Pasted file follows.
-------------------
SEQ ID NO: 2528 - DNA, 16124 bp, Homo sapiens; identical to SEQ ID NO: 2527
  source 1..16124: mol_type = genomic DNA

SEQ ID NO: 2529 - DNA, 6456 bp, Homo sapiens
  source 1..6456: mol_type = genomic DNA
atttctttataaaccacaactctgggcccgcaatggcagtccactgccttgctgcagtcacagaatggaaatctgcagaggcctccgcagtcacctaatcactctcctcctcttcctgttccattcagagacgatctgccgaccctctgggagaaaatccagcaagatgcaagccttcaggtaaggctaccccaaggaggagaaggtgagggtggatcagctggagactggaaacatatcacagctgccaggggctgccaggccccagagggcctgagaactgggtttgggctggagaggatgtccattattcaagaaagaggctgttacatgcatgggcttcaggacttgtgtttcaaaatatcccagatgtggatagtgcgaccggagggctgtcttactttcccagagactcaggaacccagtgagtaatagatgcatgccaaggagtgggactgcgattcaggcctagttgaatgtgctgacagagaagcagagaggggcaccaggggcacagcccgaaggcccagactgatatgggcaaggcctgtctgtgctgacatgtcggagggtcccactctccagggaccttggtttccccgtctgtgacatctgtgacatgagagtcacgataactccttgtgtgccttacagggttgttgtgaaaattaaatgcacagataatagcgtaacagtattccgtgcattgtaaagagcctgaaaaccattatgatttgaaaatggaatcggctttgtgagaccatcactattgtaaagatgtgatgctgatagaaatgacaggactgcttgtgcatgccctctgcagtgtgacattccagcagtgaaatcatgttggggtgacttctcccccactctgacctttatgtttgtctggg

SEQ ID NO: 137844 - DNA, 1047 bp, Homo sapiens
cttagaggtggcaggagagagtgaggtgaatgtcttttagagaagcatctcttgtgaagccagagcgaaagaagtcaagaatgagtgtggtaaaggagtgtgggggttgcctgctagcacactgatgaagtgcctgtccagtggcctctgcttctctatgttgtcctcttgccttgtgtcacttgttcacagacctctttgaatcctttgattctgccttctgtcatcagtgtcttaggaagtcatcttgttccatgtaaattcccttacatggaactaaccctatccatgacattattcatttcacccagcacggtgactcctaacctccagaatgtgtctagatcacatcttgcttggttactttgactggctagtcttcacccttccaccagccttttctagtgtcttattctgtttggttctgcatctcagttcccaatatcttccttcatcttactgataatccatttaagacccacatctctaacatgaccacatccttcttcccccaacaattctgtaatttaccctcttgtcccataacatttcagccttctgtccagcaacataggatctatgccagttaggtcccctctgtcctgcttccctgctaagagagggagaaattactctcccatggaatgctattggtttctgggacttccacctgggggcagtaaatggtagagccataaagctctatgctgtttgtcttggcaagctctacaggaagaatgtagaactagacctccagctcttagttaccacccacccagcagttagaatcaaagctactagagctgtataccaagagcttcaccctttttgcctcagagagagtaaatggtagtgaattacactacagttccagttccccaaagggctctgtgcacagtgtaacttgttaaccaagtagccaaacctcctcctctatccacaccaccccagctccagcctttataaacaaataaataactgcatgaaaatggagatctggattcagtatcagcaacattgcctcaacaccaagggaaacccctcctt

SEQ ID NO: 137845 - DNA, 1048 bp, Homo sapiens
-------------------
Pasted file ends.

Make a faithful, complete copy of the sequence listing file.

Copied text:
SEQ ID NO: 2528 - DNA, 16124 bp, Homo sapiens; identical to SEQ ID NO: 2527
  source 1..16124: mol_type = genomic DNA

SEQ ID NO: 2529 - DNA, 6456 bp, Homo sapiens
  source 1..6456: mol_type = genomic DNA
atttctttataaaccacaactctgggcccgcaatggcagtccactgccttgctgcagtcacagaatggaaatctgcagaggcctccgcagtcacctaatcactctcctcctcttcctgttccattcagagacgatctgccgaccctctgggagaaaatccagcaagatgcaagccttcaggtaaggctaccccaaggaggagaaggtgagggtggatcagctggagactggaaacatatcacagctgccaggggctgccaggccccagagggcctgagaactgggtttgggctggagaggatgtccattattcaagaaagaggctgttacatgcatgggcttcaggacttgtgtttcaaaatatcccagatgtggatagtgcgaccggagggctgtcttactttcccagagactcaggaacccagtgagtaatagatgcatgccaaggagtgggactgcgattcaggcctagttgaatgtgctgacagagaagcagagaggggcaccaggggcacagcccgaaggcccagactgatatgggcaaggcctgtctgtgctgacatgtcggagggtcccactctccagggaccttggtttccccgtctgtgacatctgtgacatgagagtcacgataactccttgtgtgccttacagggttgttgtgaaaattaaatgcacagataatagcgtaacagtattccgtgcattgtaaagagcctgaaaaccattatgatttgaaaatggaatcggctttgtgagaccatcactattgtaaagatgtgatgctgatagaaatgacaggactgcttgtgcatgccctctgcagtgtgacattccagcagtgaaatcatgttggggtgacttctcccccactctgacctttatgtttgtctggg

SEQ ID NO: 137844 - DNA, 1047 bp, Homo sapiens
cttagaggtggcaggagagagtgaggtgaatgtcttttagagaagcatctcttgtgaagccagagcgaaagaagtcaagaatgagtgtggtaaaggagtgtgggggttgcctgctagcacactgatgaagtgcctgtccagtggcctctgcttctctatgttgtcctcttgccttgtgtcacttgttcacagacctctttgaatcctttgattctgccttctgtcatcagtgtcttaggaagtcatcttgttccatgtaaattcccttacatggaactaaccctatccatgacattattcatttcacccagcacggtgactcctaacctccagaatgtgtctagatcacatcttgcttggttactttgactggctagtcttcacccttccaccagccttttctagtgtcttattctgtttggttctgcatctcagttcccaatatcttccttcatcttactgataatccatttaagacccacatctctaacatgaccacatccttcttcccccaacaattctgtaatttaccctcttgtcccataacatttcagccttctgtccagcaacataggatctatgccagttaggtcccctctgtcctgcttccctgctaagagagggagaaattactctcccatggaatgctattggtttctgggacttccacctgggggcagtaaatggtagagccataaagctctatgctgtttgtcttggcaagctctacaggaagaatgtagaactagacctccagctcttagttaccacccacccagcagttagaatcaaagctactagagctgtataccaagagcttcaccctttttgcctcagagagagtaaatggtagtgaattacactacagttccagttccccaaagggctctgtgcacagtgtaacttgttaaccaagtagccaaacctcctcctctatccacaccaccccagctccagcctttataaacaaataaataactgcatgaaaatggagatctggattcagtatcagcaacattgcctcaacaccaagggaaacccctcctt

SEQ ID NO: 137845 - DNA, 1048 bp, Homo sapiens